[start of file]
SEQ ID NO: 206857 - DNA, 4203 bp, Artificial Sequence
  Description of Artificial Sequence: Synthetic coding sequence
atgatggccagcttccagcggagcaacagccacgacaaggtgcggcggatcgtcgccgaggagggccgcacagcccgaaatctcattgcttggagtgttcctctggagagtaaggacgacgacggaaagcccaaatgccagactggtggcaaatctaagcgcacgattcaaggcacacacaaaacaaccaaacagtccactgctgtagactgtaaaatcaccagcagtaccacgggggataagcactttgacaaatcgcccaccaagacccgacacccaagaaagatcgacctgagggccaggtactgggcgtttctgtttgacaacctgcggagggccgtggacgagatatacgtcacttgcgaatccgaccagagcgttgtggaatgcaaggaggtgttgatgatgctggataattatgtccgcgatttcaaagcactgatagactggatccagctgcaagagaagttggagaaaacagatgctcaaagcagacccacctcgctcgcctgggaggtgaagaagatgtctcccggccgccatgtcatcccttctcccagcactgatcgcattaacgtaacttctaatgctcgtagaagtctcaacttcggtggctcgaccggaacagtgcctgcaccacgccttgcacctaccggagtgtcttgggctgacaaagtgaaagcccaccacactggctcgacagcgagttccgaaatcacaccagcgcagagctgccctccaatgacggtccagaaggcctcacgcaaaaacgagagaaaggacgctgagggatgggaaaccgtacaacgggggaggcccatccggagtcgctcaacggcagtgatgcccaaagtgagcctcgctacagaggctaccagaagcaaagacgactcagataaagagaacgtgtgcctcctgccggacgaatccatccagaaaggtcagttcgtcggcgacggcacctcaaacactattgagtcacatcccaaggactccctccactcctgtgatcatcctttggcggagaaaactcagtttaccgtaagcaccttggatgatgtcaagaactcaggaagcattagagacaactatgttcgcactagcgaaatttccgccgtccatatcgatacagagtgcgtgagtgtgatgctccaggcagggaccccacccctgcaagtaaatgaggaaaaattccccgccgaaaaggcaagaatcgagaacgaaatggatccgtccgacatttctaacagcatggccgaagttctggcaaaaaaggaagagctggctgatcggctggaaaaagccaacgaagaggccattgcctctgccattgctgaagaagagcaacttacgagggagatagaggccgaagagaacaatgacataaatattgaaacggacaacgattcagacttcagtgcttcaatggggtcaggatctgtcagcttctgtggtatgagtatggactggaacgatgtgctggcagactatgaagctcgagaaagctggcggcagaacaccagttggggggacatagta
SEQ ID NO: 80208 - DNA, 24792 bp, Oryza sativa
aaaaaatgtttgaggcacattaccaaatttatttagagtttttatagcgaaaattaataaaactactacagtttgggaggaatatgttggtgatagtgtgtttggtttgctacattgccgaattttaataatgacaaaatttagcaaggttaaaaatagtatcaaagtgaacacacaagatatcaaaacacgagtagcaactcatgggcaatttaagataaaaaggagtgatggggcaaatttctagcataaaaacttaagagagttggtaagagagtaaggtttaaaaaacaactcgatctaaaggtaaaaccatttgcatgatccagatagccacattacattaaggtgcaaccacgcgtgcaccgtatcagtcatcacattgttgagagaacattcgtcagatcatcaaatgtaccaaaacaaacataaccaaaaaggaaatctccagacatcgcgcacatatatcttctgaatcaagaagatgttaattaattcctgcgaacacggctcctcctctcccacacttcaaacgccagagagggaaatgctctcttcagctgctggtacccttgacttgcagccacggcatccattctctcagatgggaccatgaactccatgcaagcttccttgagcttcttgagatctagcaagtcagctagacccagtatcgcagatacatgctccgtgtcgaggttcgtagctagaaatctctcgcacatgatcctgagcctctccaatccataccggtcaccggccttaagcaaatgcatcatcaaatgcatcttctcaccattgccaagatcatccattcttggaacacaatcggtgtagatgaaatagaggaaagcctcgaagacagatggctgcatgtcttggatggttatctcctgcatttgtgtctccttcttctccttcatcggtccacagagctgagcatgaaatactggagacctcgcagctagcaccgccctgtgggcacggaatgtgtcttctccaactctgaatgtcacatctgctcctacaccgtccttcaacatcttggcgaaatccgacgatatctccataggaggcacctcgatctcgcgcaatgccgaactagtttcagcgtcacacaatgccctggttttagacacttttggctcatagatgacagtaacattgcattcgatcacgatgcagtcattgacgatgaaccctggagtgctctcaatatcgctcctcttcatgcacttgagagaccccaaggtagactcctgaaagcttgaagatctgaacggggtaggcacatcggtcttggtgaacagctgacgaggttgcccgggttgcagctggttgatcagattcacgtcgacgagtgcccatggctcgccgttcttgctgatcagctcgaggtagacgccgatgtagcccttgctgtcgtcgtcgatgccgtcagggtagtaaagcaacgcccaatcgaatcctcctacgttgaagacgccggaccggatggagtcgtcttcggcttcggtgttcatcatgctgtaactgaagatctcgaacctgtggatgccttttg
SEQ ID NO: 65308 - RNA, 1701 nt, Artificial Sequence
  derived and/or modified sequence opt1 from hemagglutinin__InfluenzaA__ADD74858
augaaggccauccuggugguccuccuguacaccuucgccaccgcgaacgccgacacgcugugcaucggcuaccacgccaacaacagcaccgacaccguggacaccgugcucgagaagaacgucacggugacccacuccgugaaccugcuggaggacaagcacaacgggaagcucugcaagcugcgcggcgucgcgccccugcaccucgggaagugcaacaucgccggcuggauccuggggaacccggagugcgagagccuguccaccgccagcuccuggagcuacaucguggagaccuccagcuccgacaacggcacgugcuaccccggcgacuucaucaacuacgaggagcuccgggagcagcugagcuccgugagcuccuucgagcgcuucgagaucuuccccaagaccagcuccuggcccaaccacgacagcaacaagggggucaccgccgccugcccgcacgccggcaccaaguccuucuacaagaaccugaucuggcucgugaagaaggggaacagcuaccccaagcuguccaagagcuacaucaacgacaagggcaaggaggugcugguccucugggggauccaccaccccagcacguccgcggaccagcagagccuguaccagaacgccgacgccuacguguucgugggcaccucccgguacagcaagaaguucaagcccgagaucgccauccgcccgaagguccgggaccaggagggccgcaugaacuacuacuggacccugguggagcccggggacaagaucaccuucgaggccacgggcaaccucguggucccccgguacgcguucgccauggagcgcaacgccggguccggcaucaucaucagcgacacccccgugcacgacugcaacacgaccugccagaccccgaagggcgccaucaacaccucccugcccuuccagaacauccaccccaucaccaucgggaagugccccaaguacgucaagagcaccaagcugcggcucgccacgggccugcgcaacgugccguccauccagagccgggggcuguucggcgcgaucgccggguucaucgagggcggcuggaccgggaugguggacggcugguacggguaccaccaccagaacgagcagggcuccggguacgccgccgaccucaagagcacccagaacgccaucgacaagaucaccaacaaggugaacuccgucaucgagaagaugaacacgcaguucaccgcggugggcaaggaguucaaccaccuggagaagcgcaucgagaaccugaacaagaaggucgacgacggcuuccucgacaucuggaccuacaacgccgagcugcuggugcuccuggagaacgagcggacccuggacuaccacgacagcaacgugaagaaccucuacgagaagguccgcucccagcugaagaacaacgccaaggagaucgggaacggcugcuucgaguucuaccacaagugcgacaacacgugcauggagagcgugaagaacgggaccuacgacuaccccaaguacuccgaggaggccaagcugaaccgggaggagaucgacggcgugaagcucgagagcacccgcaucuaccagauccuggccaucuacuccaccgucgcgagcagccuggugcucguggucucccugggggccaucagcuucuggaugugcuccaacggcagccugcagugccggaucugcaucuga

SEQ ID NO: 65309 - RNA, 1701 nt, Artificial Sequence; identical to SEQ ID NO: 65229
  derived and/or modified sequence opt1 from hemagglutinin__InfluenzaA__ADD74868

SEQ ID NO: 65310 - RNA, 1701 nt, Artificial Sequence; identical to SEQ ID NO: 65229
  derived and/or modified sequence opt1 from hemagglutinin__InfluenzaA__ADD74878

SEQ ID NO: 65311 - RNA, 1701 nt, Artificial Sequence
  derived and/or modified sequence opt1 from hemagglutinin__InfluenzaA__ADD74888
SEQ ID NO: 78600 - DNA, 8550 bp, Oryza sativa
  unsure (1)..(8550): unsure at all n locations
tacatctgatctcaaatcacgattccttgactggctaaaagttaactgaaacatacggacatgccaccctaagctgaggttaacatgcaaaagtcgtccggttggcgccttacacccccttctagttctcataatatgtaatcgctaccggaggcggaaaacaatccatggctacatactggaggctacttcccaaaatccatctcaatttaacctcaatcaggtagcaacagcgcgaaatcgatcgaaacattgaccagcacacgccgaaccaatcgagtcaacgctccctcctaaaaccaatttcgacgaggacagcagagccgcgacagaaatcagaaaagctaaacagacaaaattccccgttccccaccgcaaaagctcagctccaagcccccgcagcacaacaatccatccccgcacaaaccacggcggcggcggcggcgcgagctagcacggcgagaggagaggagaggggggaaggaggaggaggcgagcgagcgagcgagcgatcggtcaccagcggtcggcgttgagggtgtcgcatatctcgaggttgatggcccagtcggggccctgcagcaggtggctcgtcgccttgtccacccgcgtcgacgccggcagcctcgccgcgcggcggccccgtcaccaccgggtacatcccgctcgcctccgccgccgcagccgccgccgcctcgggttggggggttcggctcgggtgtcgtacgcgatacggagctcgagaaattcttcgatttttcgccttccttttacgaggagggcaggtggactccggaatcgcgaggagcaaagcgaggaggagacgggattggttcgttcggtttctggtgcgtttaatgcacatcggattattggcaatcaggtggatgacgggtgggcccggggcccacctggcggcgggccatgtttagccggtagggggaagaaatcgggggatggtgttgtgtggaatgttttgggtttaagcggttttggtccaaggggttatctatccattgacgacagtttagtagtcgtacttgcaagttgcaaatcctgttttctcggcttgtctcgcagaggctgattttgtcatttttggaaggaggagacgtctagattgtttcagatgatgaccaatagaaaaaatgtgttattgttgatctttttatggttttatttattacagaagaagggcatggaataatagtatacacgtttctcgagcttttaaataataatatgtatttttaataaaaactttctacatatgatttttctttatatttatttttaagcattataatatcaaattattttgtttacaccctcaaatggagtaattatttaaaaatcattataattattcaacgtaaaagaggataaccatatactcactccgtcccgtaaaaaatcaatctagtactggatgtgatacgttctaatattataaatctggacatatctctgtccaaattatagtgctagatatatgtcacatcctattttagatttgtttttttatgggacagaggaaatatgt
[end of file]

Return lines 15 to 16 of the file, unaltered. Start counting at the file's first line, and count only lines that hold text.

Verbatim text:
SEQ ID NO: 78600 - DNA, 8550 bp, Oryza sativa
  unsure (1)..(8550): unsure at all n locations